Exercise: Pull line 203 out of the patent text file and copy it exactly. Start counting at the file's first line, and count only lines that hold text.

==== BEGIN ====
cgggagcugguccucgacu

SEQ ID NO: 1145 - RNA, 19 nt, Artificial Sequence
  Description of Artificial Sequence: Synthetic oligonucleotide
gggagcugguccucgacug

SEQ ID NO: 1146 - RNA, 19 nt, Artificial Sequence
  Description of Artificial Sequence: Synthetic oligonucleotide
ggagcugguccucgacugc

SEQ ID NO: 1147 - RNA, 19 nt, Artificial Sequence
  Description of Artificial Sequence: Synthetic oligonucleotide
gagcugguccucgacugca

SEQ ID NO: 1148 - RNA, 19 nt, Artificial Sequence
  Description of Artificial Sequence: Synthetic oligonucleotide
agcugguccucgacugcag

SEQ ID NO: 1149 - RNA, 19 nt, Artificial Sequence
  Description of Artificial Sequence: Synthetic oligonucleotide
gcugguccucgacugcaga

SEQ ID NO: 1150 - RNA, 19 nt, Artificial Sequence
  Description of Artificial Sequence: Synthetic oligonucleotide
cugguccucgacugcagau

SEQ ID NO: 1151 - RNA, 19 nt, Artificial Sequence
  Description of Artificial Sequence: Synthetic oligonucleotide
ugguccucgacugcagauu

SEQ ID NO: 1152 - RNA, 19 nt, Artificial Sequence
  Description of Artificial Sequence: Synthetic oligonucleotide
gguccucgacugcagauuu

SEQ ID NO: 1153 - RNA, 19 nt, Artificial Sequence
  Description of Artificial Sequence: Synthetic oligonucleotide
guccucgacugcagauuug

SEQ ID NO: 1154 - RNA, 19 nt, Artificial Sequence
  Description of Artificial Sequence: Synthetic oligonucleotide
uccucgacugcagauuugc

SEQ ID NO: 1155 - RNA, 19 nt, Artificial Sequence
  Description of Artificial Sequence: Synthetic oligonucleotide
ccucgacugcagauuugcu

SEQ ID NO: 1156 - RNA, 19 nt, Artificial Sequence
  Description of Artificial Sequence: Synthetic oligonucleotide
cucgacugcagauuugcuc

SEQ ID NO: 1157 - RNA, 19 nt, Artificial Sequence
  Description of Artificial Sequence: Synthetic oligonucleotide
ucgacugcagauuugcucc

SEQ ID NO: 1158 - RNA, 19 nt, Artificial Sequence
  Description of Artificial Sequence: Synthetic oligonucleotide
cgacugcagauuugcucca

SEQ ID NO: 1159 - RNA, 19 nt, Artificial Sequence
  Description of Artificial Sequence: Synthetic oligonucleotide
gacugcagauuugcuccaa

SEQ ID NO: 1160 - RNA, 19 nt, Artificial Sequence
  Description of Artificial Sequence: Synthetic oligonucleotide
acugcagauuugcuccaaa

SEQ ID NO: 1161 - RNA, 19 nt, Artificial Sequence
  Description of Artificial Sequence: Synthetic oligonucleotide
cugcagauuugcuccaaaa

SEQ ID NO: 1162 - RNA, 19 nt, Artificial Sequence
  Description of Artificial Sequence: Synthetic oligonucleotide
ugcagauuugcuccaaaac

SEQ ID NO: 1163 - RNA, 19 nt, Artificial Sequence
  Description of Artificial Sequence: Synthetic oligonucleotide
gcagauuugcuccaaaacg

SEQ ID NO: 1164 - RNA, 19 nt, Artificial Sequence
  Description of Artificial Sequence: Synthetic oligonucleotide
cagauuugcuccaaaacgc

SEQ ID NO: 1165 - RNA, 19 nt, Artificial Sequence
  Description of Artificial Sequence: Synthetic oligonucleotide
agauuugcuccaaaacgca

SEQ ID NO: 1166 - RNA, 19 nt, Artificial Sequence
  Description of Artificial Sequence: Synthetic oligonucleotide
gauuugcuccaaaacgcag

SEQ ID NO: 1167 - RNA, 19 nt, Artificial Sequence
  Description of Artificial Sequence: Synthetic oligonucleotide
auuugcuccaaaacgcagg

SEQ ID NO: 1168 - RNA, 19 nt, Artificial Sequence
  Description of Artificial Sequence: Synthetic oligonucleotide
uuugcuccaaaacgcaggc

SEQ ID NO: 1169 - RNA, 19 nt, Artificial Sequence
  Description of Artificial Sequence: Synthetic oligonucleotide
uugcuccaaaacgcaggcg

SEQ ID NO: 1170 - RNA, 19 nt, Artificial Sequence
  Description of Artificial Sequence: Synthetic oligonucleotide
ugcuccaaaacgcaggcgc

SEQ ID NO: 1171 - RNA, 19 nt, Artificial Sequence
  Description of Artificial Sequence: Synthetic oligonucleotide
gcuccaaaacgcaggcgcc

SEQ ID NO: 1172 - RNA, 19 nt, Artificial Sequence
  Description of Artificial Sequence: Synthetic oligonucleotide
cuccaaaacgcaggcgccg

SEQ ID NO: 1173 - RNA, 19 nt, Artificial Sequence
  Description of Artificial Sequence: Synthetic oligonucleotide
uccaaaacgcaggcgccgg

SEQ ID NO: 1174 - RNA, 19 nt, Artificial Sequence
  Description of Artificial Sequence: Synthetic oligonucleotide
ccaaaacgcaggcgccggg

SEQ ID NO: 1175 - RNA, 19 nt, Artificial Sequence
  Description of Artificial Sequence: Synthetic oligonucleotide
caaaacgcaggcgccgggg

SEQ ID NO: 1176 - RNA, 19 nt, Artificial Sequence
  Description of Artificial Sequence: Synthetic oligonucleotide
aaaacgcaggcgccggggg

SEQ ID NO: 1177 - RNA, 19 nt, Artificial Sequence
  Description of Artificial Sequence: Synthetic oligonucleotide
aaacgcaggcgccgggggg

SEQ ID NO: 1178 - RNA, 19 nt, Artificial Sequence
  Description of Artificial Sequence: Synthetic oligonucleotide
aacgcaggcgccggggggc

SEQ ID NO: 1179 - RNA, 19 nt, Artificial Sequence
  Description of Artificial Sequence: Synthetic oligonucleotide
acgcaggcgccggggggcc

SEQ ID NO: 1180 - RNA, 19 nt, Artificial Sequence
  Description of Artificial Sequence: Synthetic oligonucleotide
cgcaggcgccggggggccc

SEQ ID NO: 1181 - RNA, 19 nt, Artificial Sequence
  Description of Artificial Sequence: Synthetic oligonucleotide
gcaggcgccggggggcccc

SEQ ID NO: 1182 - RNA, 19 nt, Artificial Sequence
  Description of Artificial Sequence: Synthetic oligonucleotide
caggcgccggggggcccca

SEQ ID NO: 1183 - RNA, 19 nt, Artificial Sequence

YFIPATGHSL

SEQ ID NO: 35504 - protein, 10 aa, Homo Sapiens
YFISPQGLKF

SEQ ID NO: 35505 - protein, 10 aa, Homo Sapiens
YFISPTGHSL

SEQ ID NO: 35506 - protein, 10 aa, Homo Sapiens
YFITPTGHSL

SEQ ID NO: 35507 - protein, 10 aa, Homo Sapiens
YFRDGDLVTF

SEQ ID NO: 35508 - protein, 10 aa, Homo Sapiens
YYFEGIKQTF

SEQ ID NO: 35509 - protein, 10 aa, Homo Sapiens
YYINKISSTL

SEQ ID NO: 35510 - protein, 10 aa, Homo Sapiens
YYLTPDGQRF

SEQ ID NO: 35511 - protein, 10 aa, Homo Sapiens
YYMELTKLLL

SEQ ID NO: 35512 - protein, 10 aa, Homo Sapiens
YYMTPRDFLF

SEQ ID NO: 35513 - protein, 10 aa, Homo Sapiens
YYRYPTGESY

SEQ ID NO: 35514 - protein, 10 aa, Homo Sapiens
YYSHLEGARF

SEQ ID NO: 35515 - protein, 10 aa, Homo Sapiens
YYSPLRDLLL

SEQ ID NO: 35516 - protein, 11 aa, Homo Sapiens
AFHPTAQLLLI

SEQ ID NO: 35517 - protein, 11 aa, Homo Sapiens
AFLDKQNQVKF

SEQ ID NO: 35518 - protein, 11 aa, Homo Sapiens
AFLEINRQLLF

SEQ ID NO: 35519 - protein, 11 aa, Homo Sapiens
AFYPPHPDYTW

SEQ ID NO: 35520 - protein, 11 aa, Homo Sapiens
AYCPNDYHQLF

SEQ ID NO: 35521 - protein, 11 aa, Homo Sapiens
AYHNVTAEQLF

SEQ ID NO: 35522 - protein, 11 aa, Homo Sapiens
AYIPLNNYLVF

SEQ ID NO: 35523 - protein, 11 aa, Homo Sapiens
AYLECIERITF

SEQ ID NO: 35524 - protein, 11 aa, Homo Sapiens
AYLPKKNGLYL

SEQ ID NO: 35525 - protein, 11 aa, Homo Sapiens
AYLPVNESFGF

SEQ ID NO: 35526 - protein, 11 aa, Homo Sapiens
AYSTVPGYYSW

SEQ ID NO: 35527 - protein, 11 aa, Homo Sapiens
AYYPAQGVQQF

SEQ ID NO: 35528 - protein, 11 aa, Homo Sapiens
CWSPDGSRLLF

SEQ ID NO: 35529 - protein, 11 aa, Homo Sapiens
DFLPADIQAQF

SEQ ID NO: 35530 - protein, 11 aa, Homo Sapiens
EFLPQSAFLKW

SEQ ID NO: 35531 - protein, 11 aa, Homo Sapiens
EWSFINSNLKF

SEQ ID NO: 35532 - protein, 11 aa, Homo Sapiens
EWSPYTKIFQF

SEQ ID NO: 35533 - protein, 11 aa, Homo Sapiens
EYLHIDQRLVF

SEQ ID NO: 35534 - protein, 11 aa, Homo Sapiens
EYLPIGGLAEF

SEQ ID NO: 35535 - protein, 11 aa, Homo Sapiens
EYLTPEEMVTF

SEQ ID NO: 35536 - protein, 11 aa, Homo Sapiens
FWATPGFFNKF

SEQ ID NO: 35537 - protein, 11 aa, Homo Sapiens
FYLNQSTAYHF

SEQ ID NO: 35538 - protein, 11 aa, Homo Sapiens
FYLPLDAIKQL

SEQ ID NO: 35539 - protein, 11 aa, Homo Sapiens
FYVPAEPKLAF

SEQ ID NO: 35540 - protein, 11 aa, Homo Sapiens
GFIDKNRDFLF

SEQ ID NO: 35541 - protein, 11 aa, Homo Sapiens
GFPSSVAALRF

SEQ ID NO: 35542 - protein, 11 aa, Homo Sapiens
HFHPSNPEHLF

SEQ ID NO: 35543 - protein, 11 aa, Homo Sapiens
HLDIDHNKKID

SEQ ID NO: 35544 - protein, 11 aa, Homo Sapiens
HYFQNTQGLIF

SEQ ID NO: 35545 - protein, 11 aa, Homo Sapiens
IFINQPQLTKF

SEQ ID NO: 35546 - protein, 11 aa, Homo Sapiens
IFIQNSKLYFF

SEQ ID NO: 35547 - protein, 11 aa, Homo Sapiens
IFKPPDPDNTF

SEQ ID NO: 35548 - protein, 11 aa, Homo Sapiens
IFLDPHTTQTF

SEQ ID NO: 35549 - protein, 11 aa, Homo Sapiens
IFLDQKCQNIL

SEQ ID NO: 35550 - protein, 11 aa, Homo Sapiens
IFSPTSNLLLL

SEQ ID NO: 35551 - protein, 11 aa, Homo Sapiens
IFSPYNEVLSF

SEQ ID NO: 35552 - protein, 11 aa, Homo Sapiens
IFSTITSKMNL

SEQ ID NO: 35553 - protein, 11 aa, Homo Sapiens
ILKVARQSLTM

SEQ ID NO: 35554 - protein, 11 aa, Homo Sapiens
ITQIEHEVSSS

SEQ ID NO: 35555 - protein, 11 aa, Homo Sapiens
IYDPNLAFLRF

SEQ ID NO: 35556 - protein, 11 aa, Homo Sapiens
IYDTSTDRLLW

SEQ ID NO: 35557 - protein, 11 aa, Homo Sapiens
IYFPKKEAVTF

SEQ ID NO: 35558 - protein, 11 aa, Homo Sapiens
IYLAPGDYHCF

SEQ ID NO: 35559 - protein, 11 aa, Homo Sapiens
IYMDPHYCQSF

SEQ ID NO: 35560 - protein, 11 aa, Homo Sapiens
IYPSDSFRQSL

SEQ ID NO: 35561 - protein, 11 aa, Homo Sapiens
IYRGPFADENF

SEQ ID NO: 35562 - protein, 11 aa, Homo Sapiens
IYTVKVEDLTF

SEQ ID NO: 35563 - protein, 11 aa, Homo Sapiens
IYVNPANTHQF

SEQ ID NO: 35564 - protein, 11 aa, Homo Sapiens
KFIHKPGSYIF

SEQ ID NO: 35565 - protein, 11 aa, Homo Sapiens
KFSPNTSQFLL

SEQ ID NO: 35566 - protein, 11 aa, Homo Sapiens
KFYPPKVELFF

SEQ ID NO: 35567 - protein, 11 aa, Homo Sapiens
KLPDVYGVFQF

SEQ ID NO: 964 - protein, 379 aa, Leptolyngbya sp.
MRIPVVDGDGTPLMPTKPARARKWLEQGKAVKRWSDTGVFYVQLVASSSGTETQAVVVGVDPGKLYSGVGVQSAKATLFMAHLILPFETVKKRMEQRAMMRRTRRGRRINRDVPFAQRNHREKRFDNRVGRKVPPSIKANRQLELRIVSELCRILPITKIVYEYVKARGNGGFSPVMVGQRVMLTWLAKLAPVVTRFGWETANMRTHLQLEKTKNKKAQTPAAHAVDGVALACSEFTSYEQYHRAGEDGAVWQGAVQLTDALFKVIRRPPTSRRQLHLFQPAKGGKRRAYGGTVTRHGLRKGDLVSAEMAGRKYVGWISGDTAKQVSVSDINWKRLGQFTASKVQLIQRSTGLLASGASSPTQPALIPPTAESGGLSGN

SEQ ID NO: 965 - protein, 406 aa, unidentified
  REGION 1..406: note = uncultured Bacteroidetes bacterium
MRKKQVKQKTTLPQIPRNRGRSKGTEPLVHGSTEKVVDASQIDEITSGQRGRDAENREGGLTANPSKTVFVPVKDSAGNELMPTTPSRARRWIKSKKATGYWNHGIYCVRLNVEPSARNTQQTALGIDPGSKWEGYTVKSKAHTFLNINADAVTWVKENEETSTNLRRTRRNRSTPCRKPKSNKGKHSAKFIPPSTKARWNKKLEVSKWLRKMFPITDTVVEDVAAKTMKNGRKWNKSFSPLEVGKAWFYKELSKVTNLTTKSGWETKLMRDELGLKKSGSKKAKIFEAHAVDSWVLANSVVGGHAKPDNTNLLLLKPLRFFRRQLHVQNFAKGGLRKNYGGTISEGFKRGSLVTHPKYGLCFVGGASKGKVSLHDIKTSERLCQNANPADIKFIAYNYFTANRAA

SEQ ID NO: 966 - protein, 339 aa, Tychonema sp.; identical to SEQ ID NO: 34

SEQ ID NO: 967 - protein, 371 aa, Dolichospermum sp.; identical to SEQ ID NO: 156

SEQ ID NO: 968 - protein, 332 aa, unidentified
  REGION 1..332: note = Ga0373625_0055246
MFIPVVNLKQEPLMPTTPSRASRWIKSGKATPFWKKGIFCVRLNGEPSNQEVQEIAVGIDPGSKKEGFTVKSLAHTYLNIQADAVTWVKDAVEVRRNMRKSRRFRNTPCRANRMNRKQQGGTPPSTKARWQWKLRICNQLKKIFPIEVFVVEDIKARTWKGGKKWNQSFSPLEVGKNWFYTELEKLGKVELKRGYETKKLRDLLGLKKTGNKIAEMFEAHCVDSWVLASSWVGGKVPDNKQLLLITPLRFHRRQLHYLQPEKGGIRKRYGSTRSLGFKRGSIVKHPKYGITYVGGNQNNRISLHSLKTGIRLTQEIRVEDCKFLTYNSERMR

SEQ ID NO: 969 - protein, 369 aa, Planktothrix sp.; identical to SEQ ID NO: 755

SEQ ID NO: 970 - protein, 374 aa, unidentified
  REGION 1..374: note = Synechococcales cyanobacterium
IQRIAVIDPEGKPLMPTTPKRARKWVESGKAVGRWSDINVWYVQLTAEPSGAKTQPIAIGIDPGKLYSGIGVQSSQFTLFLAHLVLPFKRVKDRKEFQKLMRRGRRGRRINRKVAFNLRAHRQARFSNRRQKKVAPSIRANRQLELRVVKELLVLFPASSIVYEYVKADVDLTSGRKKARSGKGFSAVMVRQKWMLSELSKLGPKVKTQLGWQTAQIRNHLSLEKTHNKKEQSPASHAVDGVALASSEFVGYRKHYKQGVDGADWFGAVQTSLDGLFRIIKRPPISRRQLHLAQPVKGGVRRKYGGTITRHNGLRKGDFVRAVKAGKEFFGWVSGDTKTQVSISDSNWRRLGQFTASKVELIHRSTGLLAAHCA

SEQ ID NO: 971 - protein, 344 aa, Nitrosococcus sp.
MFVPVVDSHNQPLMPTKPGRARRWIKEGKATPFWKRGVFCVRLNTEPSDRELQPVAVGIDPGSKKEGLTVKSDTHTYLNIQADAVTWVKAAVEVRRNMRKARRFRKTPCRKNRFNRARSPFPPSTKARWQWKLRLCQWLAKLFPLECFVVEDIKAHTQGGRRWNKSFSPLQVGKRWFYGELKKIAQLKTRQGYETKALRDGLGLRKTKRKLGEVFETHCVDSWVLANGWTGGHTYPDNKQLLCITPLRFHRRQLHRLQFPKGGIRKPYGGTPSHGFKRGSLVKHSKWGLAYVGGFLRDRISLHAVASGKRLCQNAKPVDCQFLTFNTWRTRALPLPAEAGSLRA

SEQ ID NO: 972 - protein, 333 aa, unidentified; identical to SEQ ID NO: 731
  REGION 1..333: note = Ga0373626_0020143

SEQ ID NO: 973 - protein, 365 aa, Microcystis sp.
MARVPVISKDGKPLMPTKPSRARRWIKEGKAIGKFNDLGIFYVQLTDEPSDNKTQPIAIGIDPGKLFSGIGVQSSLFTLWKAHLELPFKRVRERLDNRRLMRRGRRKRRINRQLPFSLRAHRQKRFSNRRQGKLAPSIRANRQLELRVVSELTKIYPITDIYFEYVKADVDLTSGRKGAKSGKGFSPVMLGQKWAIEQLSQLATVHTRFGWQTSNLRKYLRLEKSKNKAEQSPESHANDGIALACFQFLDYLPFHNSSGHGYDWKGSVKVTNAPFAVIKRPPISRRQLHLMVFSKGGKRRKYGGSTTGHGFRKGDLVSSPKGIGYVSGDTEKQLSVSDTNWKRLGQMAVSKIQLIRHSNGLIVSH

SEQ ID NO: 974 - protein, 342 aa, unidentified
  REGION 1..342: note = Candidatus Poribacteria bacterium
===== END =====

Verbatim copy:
IFIQNSKLYFF